Self-Defense vs. Assault and Battery in Virginia
As a criminal defense lawyer, I commonly confront individuals charged with assault and battery who feel that they were the real victims of the altercation. In some cases there is evidence to support their claim: for example, they may have been the one to call police, may have looked to be in worse shape after the fight, or the other person may have unquestionably instigated the altercation. What each of these stories share is a common belief from each accused that they are the true victims of the crime. That they were acting in self-defense.
So what, exactly, is self-defense? To answer that, one must first understand what constitutes assault and battery, which we explain in our guide to Assault and Battery Defense in Virginia. As explained there, an assault under Virginia law is defined as basically any “overt act” to another person that is done with the intention of creating fear of harm. Battery, on the other hand, is defined as “the willful touching of another, without legal excuse or justification, done in an angry, rude, insulting or vengeful manner.”
Self-defense is an affirmative defense against an allegation of assault and/or battery. A person claiming self-defense admits that an “overt act to place a person in fear” and/or a “willful touching of another” took place, but claims that he or she had a “legal excuse or justification” for their actions (the overt act and/or willful touching).
One kind of self-defense is where the defendant did not instigate the altercation and, according to the Model Jury Instructions, had reasonable fear “that he was in imminent danger of bodily harm,” and used only the amount of force “that was reasonably necessary to protect himself from the perceived harm.”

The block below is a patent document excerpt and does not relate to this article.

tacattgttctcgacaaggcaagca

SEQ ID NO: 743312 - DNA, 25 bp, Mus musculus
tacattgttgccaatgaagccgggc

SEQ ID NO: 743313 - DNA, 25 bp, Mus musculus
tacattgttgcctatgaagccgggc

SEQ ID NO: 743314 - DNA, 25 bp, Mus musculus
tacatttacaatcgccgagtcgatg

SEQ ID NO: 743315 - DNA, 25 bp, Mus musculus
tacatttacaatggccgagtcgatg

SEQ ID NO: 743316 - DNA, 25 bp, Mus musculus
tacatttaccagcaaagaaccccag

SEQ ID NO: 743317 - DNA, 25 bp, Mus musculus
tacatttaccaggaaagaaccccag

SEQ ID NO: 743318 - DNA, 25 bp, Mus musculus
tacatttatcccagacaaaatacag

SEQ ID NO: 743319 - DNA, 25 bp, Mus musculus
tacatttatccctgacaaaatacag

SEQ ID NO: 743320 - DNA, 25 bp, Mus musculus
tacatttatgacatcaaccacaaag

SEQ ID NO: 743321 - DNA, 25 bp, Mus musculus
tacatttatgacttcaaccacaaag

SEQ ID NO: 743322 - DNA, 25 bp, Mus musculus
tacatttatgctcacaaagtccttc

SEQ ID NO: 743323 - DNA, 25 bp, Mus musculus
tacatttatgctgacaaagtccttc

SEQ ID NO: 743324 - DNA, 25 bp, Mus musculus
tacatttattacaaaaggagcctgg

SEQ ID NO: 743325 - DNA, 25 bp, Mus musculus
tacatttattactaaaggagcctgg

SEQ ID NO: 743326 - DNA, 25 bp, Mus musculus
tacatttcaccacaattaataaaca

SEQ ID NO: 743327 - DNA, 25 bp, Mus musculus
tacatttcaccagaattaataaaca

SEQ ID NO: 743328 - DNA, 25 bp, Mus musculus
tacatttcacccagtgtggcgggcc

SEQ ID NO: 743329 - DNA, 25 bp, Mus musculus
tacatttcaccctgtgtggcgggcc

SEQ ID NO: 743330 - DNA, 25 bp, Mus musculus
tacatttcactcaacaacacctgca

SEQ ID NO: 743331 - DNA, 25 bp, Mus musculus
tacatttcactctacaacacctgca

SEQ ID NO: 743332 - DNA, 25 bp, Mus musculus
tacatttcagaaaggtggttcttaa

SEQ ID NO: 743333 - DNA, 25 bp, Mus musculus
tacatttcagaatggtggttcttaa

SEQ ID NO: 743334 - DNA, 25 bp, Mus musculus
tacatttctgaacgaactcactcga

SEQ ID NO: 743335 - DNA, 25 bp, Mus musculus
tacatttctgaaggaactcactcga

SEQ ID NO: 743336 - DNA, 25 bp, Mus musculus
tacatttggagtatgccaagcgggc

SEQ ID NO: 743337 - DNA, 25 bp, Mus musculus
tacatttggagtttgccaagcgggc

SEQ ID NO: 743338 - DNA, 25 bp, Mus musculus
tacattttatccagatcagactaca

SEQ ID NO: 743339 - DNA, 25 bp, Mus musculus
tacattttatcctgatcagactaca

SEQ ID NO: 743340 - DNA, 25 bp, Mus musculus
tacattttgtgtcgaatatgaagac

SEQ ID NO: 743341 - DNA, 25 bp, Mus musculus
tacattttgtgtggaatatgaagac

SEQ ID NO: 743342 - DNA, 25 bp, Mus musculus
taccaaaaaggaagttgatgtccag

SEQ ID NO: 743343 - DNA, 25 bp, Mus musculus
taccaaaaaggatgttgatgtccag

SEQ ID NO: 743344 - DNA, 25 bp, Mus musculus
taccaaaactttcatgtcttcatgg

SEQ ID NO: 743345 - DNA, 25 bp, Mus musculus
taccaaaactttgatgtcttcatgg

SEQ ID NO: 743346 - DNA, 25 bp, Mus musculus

For example, if a person hits you, and looks like he will hit you again, so you push him back to escape the situation, you could rightly claim that you used reasonable force and thus that your pushing was justified. If a person is on top of you, and you knee him in the groin to get yourself free, that may be justified. However, if a person is holding onto your arm, and you slap him to get yourself free, but then you continue to slap him, that may be excessive or unreasonable.
A second kind of self-defense under the Model Jury Instructions may apply where the defendant played a role in instigating the altercation, but then attempted in good faith to “abandon the fight” and “retreated as far as he safely could under the circumstances,” spoke or acted in way that “made known his desire for peace,” had a reasonable fear of “imminent danger of bodily harm,” and used only enough force as was “reasonably necessary to protect himself from the perceived harm.”
For example, imagine you’re in the bedroom with your spouse and an argument breaks out. You call each other names and say things you later regret. Your spouse begins slapping you, but you back away from her, put your hands up and tell her to stop. She moves toward you apparently in order to slap you again—so you push her away. That may be self-defense. But if you push her so hard that she falls and hits the back of her head on the nightstand, things become much more complicated. Maybe that amount of force was still reasonably necessary—or maybe it will now be considered excessive.
The reality is that these situations are always unfortunate and often complicated. There are rarely independent witnesses. An experienced criminal attorney can assist you in properly raising your self-defense claim and ensure that the truth prevails.
The criminal lawyers at Livesay & Myers, P.C. are experienced in defending against charges of assault and battery and many other criminal offenses. We represent clients in Fairfax, Alexandria, Arlington, Manassas, Woodbridge, Prince William County, Fredericksburg, Spotsylvania, Stafford, and throughout Northern Virginia. If you have been charged with a crime, contact us to schedule your free consultation with an experienced criminal attorney today.